Thanks to the variety of antioxidants, vitamins, unsaturated fats and polyphenols, peanuts aren’t just brain food—they’re brain superfood!

But can a specific diet help highlight their benefits? There’s increasing evidence to support that the MIND diet might be doing just that.

 What is the MIND diet?

The MIND diet (or Mediterranean-DASH diet Intervention for Neurological Delay) combines components from two existing diets recommended for overall health: the Mediterranean and DASH diets. The MIND approach incorporates foods from each that have shown evidence for benefiting the brain.

We talked to Dr. Frank Sacks and Dr. Xiaoran Liu, two Harvard researchers currently working on the MIND diet, about the role that peanuts and peanut butter play in it.

Why are peanuts and peanut butter good additions to the MIND diet?

“People who eat peanuts regularly have lower risk of heart disease. There is growing evidence that risk of developing Alzheimer’s disease is associated with risk of cardiovascular disease,” says Dr. Sacks. “So we surmise that peanuts could be an important component of a diet that prevents cognitive decline with aging. That is one reason we include peanuts in the MIND study.”

“Latinos and African-Americans are at higher risk for developing Alzheimer’s given that they are more susceptible to vascular disease compared to older Caucasians,” says Dr. Liu. “The health benefits of peanuts are consistent across racial and income differences, which often have a strong influence on health. Consuming peanuts as part of the MIND diet could become a cost-effective, feasible approach for the prevention of Alzheimer’s disease or other types of dementia.”

MIND diet slows cognitive decline with aging.

In 2015, the MIND diet was studied to determine if it could prevent cognitive decline in older patients. After studying 460 participants over the course of 4.7 years, they observed a higher adherence to the diet “substantially slows cognitive decline with age.”1

 MIND is associated with reduced risk of Alzheimer’s Disease.

That same year, another study examined the relationship between MIND diet adherence and Alzheimer’s Disease. A total of 923 participants, ages 59-98, were followed for an average of four and a half years.

Researchers reported a 53% lower risk of Alzheimer’s Disease with the highest adherence to the diet, and a significant reduction with even mild adherence.2

 MIND may prevent Parkinson’s disease and delay its progression.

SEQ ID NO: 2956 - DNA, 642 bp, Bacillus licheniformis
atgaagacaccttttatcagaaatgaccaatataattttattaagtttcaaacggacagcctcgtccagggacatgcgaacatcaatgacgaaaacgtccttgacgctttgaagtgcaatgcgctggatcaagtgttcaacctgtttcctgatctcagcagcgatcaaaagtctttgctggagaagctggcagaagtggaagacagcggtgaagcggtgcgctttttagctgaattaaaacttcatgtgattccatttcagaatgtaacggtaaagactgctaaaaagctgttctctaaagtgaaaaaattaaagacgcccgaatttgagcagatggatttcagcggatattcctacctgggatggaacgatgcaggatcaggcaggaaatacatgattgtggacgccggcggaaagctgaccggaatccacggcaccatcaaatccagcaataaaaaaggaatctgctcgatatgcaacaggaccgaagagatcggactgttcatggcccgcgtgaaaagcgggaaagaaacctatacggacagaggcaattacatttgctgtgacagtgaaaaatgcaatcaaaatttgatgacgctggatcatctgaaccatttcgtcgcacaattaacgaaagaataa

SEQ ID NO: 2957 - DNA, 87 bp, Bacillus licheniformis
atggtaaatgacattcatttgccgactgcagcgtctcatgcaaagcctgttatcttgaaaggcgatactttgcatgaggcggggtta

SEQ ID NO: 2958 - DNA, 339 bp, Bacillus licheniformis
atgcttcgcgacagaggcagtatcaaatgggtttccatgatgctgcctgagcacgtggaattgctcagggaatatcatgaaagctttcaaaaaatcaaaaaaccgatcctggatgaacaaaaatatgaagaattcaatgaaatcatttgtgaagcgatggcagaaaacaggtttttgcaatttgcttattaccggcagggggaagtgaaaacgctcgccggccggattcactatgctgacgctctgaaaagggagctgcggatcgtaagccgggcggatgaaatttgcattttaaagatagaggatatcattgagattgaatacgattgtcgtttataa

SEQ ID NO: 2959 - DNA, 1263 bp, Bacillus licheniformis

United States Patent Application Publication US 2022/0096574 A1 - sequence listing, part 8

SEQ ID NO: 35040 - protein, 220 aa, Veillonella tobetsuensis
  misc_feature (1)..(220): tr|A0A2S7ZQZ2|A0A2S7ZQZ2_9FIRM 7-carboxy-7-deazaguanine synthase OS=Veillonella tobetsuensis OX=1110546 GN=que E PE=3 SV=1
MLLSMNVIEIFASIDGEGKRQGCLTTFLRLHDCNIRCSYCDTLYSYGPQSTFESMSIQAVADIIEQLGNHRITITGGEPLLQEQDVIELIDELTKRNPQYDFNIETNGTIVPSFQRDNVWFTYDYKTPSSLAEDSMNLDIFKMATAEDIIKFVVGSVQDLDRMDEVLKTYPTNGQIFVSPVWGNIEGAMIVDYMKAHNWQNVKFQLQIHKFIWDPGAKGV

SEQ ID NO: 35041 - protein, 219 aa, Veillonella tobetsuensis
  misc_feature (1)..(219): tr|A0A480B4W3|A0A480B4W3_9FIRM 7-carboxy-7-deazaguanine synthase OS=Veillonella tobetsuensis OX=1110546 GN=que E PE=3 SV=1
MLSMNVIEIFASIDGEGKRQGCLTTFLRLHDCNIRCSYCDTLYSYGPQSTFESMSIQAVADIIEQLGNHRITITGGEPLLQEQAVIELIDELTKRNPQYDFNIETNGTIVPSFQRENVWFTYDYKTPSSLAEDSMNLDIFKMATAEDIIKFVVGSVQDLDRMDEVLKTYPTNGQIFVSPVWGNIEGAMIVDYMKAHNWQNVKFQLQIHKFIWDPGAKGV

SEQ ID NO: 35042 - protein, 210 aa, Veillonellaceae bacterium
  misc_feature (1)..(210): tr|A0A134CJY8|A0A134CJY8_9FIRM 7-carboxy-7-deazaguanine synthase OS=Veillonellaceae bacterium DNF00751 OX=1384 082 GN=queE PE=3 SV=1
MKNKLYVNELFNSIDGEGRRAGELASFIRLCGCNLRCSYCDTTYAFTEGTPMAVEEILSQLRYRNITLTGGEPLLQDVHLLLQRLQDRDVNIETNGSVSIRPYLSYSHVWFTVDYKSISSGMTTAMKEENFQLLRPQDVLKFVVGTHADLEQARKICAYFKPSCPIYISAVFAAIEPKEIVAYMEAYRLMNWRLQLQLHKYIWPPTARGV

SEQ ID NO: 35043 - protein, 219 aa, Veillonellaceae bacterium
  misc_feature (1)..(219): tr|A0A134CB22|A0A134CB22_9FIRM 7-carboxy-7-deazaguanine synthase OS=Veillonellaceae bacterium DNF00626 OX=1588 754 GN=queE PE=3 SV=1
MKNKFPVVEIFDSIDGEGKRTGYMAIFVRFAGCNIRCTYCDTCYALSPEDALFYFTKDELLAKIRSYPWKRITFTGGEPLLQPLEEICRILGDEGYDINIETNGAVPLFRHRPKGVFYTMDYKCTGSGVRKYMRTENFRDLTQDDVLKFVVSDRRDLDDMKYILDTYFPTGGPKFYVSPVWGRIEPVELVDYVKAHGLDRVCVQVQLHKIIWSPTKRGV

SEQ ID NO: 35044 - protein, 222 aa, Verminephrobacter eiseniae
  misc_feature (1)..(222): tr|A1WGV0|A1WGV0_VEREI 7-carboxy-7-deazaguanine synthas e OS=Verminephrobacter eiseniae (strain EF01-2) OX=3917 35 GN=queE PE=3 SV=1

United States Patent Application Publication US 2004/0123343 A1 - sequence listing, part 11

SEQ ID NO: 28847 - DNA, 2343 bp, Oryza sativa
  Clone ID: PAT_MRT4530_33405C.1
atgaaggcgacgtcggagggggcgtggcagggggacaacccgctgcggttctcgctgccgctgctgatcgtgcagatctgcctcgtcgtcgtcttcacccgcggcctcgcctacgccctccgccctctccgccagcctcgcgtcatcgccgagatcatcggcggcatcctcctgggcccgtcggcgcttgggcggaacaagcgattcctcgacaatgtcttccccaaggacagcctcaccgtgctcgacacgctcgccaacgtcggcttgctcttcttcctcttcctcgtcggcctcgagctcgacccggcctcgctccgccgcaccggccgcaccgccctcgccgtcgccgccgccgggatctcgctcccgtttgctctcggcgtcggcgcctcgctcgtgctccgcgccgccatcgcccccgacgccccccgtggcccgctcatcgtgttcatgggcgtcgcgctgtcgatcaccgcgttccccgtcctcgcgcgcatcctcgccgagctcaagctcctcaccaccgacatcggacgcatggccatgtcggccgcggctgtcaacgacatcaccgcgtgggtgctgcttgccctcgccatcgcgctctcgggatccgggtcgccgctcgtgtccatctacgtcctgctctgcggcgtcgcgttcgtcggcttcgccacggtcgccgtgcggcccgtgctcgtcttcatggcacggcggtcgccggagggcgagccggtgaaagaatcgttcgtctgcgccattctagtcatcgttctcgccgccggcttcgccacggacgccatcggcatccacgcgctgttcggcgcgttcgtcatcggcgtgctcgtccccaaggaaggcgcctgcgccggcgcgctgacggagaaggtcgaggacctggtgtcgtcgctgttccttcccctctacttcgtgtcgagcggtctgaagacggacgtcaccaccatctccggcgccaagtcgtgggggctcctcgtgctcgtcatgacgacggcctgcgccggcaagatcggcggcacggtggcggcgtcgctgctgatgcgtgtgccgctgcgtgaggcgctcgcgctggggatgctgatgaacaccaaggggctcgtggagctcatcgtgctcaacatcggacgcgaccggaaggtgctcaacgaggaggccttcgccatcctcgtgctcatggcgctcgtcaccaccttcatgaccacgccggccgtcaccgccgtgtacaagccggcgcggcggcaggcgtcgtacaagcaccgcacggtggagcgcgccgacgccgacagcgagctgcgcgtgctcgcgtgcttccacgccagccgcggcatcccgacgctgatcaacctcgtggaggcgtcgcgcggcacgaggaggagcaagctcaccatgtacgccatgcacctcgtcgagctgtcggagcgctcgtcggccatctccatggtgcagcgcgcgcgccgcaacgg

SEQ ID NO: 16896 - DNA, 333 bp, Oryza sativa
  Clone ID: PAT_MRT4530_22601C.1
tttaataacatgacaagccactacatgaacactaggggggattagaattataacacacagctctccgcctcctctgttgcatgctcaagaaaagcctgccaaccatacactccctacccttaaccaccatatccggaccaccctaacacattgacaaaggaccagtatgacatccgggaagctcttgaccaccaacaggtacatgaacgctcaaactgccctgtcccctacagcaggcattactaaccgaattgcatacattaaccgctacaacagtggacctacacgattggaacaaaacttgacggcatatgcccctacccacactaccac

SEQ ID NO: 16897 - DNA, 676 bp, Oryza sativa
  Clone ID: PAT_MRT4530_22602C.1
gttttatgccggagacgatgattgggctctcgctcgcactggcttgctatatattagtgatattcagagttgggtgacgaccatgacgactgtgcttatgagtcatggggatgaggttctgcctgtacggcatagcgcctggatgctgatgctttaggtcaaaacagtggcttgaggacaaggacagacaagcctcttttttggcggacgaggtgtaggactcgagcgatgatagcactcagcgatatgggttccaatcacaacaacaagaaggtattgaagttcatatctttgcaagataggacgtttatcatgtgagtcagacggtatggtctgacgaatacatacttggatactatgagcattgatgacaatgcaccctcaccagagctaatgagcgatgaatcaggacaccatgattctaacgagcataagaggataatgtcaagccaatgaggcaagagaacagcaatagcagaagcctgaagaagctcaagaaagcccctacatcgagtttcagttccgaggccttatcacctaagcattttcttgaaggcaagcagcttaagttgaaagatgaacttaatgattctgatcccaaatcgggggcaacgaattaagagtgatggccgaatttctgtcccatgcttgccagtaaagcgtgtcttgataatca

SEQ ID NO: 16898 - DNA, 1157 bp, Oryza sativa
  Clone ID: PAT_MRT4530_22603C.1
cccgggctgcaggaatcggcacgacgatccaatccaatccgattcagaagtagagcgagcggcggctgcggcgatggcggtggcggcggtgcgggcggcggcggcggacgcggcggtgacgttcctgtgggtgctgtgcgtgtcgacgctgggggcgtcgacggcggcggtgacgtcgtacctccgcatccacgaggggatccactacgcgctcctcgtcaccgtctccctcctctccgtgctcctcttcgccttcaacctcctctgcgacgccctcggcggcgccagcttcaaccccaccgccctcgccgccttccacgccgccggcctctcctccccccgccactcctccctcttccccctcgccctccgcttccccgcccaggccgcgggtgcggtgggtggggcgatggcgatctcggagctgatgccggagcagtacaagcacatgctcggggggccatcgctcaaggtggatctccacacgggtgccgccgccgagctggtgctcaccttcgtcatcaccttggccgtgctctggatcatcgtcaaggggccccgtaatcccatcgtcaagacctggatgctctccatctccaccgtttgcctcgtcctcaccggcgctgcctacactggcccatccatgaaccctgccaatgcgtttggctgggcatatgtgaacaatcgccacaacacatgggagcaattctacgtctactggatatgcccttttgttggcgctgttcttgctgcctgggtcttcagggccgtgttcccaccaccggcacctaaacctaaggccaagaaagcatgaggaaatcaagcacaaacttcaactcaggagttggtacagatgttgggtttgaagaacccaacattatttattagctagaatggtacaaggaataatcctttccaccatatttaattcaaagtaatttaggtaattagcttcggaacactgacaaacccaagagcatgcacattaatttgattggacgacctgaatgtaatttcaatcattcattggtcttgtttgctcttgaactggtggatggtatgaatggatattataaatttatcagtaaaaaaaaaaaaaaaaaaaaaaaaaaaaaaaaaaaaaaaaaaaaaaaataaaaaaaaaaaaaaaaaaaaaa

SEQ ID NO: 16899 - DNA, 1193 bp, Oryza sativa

In 2018, researchers looked at how the MIND diet could impact rates of Parkinson’s disease and its progression. They found that closely following the MIND diet was associated with a decreased risk of Parkinson’s Disease, as well as a slower rate of progression. The Mediterranean diet showed only a marginal association with these outcomes, while neither association was found in the DASH diet.3

The MIND diet may work anywhere.

In 2019, preliminary results of a study showed promise for the MIND diet’s success abroad. Researchers examined the effect of the MIND diet on cognitive function in an Australian population, leading them to conclude that it might be protective for individuals in various geographic locations.4

Is your mind made up?

In terms of brain-boosting power, the evidence for MIND, peanuts and peanut butter seems to be extremely persuasive. If you’re looking for a diet that can help your mind for the long run, we support giving this super team a try!

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Sources

  1. Morris MC, Tangney CC, Wang Y, Sacks FM, Barnes LL, Bennett DA, Aggarwal NT. MIND diet slows cognitive decline with aging. Alzheimers Dement. 2015 Sep;11(9):1015-22. doi: 10.1016/j.jalz.2015.04.011. Epub 2015 Jun 15. PubMed PMID: 26086182; PubMed Central PMCID: PMC4581900.
  2. Morris MC, Tangney CC, Wang Y, Sacks FM, Bennett DA, Aggarwal NT. MIND diet associated with reduced incidence of Alzheimer’s disease. Alzheimers Dement. 2015 Sep;11(9):1007-14. doi: 10.1016/j.jalz.2014.11.009. Epub 2015 Feb 11. PubMed PMID: 25681666; PubMed Central PMCID: PMC4532650.
  3. Agarwal P, Wang Y, Buchman AS, Holland TM, Bennett DA, Morris MC. MIND Diet Associated with Reduced Incidence and Delayed Progression of Parkinsonism in Old Age. J Nutr Health Aging. 2018;22(10):1211-1215. doi: 10.1007/s12603-018-1094-5. PubMed PMID: 30498828.
  4. Hosking, Diane E. et al. MIND not Mediterranean diet related to 12-year incidence of cognitive impairment in an Australian longitudinal cohort study. Alzheimer’s & Dementia: The Journal of the Alzheimer’s Association. 2019. doi: 10.1016/j.jalz.2018.12.011.